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The dormant blood microbiome in chronic, inflammatory diseases.

Potgieter M, Bester J, Kell DB, Pretorius E - FEMS Microbiol. Rev. (2015)

Bottom Line: The chief origin of these microbes is the gut microbiome (especially when it shifts composition to a pathogenic state, known as 'dysbiosis').Another source is microbes translocated from the oral cavity. 'Dysbiosis' is also used to describe translocation of cells into blood or other tissues.To avoid ambiguity, we here use the term 'atopobiosis' for microbes that appear in places other than their normal location.

View Article: PubMed Central - PubMed

Affiliation: Department of Physiology, Faculty of Health Sciences, University of Pretoria, Arcadia 0007, South Africa.

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Schematic representation of dysbiosis, bacterial translocation and atopobiosis. (A) When intestinal microbiota are associated with dysbiosis, (B) the gut barrier (1 and 2) becomes compromised; this leads to (C), a route of entry via the gut epithelia causing (D) bacterial translocation. Bacterial translocation is also associated with a compromised systemic immune system barrier (3). Therefore, intestinal microbiota dysbiosis (A) followed by bacterial translocation (D) results in (E) atopobiosis. (F) The results of bacterial translocation are seen in various conditions (see Table 4).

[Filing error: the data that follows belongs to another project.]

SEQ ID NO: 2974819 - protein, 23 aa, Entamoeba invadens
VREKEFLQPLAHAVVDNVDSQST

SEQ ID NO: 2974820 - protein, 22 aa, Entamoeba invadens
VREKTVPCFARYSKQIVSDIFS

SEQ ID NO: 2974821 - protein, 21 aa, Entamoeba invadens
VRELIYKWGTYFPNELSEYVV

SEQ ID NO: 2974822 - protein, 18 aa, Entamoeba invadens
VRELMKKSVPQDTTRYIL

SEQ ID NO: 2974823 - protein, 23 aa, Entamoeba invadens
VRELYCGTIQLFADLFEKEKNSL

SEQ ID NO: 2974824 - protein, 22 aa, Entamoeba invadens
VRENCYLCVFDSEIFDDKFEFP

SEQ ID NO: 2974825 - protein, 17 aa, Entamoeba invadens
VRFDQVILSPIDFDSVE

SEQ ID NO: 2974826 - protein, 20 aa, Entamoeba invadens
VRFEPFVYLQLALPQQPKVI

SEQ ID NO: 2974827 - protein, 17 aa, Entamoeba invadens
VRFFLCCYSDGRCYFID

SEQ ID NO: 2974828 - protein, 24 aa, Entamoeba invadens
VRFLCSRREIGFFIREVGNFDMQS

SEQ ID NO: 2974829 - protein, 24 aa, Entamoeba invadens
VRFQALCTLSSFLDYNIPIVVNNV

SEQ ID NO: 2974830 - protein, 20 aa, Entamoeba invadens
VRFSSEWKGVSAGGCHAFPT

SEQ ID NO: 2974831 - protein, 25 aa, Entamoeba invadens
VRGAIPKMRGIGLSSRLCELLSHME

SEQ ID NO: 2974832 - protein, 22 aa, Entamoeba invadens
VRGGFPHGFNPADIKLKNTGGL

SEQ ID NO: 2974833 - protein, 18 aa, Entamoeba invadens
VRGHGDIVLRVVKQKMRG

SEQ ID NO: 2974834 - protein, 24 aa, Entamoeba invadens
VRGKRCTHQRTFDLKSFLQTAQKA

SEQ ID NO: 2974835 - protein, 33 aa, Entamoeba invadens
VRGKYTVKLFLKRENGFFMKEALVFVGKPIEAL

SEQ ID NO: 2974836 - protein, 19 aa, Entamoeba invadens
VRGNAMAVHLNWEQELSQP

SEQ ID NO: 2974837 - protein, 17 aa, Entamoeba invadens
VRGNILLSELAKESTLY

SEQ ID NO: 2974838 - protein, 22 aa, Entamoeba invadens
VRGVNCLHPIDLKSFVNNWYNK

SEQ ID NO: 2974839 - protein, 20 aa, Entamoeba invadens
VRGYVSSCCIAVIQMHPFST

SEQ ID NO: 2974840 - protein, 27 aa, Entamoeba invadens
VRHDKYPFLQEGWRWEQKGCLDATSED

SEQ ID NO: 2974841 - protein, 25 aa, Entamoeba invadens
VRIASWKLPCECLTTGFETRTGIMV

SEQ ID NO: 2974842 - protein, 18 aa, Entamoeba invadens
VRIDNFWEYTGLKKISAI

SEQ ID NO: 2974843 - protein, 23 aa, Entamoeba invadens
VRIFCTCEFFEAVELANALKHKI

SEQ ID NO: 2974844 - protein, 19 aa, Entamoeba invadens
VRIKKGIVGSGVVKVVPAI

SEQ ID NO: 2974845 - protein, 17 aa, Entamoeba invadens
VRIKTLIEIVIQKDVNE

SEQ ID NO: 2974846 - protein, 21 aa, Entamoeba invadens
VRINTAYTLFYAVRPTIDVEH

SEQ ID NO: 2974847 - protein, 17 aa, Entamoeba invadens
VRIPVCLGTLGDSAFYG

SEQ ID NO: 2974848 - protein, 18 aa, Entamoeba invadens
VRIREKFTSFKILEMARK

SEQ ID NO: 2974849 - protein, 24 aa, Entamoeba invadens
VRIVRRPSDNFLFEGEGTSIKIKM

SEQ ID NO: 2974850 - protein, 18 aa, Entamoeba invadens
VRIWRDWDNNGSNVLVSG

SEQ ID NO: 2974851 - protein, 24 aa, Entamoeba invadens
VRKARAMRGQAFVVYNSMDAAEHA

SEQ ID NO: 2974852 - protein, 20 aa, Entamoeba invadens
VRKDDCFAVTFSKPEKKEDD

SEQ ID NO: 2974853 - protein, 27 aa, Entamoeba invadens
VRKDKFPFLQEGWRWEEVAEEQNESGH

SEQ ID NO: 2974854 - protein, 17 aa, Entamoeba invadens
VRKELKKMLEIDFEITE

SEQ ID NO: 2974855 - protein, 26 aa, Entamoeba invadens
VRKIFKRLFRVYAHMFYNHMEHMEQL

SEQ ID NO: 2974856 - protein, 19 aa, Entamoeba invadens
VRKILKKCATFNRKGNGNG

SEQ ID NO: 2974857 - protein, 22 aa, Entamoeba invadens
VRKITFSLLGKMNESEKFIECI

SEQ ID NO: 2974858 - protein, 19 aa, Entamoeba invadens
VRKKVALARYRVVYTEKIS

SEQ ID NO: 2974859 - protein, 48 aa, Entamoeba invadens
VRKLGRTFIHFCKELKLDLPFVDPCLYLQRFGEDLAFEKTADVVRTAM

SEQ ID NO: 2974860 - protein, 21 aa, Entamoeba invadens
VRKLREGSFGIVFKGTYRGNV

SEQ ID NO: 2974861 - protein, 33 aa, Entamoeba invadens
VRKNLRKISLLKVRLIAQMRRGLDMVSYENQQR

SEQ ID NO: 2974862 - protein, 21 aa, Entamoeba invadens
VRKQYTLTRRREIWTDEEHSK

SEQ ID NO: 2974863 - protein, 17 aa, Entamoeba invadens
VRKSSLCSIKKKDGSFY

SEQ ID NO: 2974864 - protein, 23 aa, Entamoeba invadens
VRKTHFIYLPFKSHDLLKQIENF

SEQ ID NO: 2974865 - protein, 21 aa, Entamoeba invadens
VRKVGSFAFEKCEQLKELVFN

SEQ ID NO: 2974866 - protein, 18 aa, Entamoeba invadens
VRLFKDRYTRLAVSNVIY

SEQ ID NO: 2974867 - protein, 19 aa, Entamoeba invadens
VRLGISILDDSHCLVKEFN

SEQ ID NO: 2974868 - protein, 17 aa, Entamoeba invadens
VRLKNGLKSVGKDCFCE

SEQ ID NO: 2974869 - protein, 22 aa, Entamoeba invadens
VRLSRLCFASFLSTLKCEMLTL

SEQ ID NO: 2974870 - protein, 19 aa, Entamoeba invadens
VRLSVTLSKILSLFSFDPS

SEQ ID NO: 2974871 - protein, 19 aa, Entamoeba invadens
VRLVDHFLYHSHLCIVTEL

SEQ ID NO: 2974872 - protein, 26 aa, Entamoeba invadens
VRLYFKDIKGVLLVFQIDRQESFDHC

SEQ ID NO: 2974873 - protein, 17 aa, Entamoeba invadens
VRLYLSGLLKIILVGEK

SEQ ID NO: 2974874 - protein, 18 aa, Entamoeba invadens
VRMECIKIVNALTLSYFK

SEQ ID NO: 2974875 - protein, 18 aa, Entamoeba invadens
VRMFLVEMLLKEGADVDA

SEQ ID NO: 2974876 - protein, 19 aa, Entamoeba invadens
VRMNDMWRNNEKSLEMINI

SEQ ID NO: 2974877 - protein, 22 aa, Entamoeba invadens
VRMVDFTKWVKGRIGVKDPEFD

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fig3: Schematic representation of dysbiosis, bacterial translocation and atopobiosis. (A) When intestinal microbiota are associated with dysbiosis, (B) the gut barrier (1 and 2) becomes compromised; this leads to (C), a route of entry via the gut epithelia causing (D) bacterial translocation. Bacterial translocation is also associated with a compromised systemic immune system barrier (3). Therefore, intestinal microbiota dysbiosis (A) followed by bacterial translocation (D) results in (E) atopobiosis. (F) The results of bacterial translocation are seen in various conditions (see Table 4).

Mentions: In addition, we argue here that as well as gut dysbiosis, a derangement of the gut microbiome, what we are seeing here, often called ‘translocation’ in the context of surgery (Swank and Deitch 1996; MacFie 2004) and various diseases (Berg 1995) (see Table 4 that lists diseases and conditions where bacterial translocation is specifically implicated), is what might better be called atopobiosis (Greek ατoπoς or atopos, in the wrong place), i.e. an appearance of members of the gut (or other) microbiome in the wrong place. Bacterial translocation is therefore discussed in the context of the movement of gut origin microbes [that changed from normal (dysbiosis)] that moved across the ‘intact’ gastrointestinal tract into normally sterile tissues, including blood, where the organisms may then directly cause infection or inflammation leading to tissue injury, organ failure, etc. (Steinberg 2003; Wiest and Rath 2003; Balzan et al.2007). We stress that they may be found in both infectious and non-infectious diseases as well as being translocated during surgery, and that atopobiosis of bacteria originating in the oral cavity, e.g. in periodontal disease, may also be significant in rheumatoid arthritis, for instance (see below). Fig. 3 provides a schematic representation of dysbiosis, bacterial translocation and atopobiosis.